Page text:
Thermal decomposition of ink components presented another major problem. Heating the surface of the heater to several hundred degrees in one-millionth of a second caused the ink to break down and denature, resulting in thermal decomposition and eventually making the efficient transfer of heat impossible. This phenomenon led to the coining of the term kogation — formed by attaching an English suffix to the Japanese word koge, meaning "scorch" or "burn" — an expression that went on to gain international acceptance. While the problem was thought by some to be insurmountable, the company, through the development of new analytic methods and the carrying out of massive amounts of repetitive testing, successfully found a solution to the problem of kogation. In 1985, eight years after submitting the original patent application, Canon launched its first Bubble Jet printer, the BJ-80.
Groundbreaking technology FINE using light to create nozzles
More than 20 years have passed since the introduction of the BJ-80. During that time, inkjet technology has evolved from monochrome to color, from text-centric output to graphics, and finally to photo prints. Achieving photo-quality printing demanded smaller ink droplets, a goal that posed multiple challenges. Of primary importance is the technology that makes possible the high-precision creation of several thousand nozzles. Previously manufacturers needed to assemble multiple precisely manufactured components to develop fine and complex inkjet nozzles. In principle, however, it is extremely difficult to assemble several thousand nozzles with a high degree of accuracy.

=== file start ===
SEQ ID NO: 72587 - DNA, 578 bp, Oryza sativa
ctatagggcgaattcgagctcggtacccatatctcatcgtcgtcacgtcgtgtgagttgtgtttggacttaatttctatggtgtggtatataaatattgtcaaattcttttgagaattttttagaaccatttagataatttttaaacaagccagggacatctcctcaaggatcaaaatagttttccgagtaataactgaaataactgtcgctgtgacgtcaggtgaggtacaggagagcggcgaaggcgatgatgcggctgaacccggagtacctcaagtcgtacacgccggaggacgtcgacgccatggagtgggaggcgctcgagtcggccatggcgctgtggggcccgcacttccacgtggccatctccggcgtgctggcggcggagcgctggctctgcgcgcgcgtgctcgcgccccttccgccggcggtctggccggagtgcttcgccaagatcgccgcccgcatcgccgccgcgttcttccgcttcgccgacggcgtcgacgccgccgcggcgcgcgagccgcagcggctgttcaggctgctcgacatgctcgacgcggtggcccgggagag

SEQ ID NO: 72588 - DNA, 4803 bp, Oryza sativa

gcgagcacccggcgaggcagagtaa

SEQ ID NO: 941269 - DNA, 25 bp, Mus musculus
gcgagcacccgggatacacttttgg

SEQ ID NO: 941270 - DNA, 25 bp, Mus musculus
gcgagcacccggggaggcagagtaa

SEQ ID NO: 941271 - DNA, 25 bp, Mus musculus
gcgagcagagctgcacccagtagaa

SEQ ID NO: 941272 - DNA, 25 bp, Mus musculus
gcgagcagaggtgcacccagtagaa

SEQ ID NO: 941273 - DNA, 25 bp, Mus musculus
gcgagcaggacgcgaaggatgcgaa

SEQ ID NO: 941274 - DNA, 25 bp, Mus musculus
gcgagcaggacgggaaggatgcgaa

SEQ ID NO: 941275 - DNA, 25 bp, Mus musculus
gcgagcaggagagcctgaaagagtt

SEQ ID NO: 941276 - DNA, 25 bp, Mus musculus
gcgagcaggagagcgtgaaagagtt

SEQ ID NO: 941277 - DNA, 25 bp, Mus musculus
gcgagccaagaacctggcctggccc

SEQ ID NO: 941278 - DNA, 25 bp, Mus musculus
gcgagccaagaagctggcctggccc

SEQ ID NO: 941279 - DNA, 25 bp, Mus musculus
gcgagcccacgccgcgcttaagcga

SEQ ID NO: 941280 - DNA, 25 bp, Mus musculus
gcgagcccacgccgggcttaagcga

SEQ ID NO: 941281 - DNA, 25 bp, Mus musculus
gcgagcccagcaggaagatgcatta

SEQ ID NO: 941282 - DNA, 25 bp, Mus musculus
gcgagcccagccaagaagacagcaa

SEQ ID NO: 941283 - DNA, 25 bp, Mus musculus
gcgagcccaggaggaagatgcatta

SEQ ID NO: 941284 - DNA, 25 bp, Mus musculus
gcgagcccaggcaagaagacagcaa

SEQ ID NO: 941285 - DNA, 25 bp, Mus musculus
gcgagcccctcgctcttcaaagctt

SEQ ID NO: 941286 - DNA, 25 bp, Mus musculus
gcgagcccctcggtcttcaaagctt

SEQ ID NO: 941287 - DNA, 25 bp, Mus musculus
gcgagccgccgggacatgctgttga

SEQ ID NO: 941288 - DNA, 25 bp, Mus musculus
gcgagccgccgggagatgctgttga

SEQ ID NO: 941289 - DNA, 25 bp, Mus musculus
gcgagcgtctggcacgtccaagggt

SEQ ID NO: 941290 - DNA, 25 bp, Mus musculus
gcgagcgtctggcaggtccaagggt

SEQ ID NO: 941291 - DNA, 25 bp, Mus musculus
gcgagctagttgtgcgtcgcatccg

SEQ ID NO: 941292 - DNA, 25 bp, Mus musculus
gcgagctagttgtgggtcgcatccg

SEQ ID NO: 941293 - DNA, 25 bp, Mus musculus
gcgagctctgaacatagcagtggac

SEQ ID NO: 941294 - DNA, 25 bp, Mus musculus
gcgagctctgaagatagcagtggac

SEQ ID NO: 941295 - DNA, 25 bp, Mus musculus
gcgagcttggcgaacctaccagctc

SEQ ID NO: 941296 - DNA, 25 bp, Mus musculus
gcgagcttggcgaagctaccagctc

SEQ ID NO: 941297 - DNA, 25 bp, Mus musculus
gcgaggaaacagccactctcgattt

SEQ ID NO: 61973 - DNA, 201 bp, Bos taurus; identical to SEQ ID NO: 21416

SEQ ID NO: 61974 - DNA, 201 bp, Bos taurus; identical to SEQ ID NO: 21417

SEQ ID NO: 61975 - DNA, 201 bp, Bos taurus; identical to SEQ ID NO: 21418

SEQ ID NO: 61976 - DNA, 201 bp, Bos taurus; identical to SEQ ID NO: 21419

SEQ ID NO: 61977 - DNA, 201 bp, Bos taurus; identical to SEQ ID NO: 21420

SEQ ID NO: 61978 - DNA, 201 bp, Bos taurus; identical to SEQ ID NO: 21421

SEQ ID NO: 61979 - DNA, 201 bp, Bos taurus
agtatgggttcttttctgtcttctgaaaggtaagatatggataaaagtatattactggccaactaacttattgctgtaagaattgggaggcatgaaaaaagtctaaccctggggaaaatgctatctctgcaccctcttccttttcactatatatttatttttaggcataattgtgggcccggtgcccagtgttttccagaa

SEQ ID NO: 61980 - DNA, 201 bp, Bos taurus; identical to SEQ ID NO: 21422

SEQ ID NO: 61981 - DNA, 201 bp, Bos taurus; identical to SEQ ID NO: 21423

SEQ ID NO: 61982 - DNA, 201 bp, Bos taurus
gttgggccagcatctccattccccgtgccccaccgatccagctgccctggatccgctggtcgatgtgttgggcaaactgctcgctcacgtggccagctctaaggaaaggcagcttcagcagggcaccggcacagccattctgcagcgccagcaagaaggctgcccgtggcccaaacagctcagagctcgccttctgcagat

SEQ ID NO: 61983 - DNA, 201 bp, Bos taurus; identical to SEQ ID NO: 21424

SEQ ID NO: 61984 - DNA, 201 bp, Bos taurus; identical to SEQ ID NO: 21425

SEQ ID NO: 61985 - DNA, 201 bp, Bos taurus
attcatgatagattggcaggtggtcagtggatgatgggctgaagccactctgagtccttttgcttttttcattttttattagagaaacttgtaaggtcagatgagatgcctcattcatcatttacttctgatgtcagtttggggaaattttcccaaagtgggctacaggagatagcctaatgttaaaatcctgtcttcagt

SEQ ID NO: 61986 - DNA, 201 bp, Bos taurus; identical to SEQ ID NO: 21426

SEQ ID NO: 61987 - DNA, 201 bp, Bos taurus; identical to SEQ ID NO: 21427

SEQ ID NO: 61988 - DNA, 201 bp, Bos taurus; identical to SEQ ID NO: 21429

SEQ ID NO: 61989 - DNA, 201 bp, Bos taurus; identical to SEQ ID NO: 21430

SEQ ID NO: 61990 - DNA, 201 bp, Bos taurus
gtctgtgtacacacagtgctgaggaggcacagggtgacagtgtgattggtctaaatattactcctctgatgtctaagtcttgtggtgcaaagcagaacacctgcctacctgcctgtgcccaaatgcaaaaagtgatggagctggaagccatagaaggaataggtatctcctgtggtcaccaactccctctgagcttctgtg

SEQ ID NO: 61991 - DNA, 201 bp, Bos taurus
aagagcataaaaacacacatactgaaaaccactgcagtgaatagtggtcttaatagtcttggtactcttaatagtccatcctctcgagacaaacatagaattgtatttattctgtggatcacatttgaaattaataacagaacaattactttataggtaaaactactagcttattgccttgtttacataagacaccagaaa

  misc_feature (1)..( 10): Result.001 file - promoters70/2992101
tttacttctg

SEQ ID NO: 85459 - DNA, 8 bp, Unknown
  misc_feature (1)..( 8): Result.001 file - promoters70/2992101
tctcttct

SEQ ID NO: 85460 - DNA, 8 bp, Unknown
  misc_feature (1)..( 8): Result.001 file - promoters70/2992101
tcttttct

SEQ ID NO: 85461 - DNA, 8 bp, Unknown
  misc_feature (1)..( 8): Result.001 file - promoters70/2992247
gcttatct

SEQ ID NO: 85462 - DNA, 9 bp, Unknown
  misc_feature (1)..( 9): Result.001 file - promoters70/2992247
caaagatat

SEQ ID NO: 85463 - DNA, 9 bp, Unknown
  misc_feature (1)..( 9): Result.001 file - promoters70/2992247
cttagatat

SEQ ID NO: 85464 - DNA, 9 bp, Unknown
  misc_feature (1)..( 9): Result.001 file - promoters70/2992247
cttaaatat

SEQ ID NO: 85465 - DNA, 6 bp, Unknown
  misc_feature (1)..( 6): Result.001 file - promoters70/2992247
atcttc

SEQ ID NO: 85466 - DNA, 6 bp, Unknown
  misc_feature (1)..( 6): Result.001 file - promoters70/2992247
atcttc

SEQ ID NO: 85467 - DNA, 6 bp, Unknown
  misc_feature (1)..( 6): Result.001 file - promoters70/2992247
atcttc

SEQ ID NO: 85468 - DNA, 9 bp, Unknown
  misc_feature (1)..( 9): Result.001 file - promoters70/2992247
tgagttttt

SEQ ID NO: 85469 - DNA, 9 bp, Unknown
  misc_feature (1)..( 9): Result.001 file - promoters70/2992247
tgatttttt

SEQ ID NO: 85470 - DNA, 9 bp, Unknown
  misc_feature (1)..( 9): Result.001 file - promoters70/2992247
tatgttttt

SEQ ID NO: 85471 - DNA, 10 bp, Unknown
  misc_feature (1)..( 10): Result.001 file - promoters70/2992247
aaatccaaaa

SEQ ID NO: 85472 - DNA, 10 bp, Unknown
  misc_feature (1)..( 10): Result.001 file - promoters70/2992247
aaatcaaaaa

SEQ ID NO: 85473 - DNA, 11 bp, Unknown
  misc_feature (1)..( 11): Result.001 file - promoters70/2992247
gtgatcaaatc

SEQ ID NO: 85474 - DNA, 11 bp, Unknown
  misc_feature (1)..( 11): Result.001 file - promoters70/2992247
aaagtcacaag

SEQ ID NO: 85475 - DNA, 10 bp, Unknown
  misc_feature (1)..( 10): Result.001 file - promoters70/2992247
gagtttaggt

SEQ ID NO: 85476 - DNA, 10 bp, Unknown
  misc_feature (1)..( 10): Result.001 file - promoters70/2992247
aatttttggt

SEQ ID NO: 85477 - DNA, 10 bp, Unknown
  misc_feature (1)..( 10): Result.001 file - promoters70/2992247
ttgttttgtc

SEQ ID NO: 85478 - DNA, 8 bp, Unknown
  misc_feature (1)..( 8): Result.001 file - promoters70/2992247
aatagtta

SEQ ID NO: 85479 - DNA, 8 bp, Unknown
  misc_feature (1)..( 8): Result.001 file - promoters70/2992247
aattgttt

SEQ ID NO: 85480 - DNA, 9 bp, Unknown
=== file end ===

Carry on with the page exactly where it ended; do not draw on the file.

Canon wasted no time in precisely identifying the limitations of previous manufacturing conventions, and in 1992, initiated ambitious efforts to devise a revolutionary new production technology. Making full use of its photolithographic technologies employed in the production of semiconductors, the company successfully developed the world's first production method for highly accurate nozzles that did not rely on the bonding of separate components. However, this production method could not come to fruition using existing materials.
There, Canon developed original high-performance materials from a molecular level and introduced technology that could use these materials effectively. Using light to create the nozzles, this groundbreaking technology was christened FINE. Over the next seven years, it was carefully perfected before being market launched in 1999 as part of the BJC-8500. Later, Canon would go on to make further improvements to FINE, and it is now seen in a wide range of inkjet products. Offering outstanding image quality and speed, it marked a new chapter in the development of inkjet printers.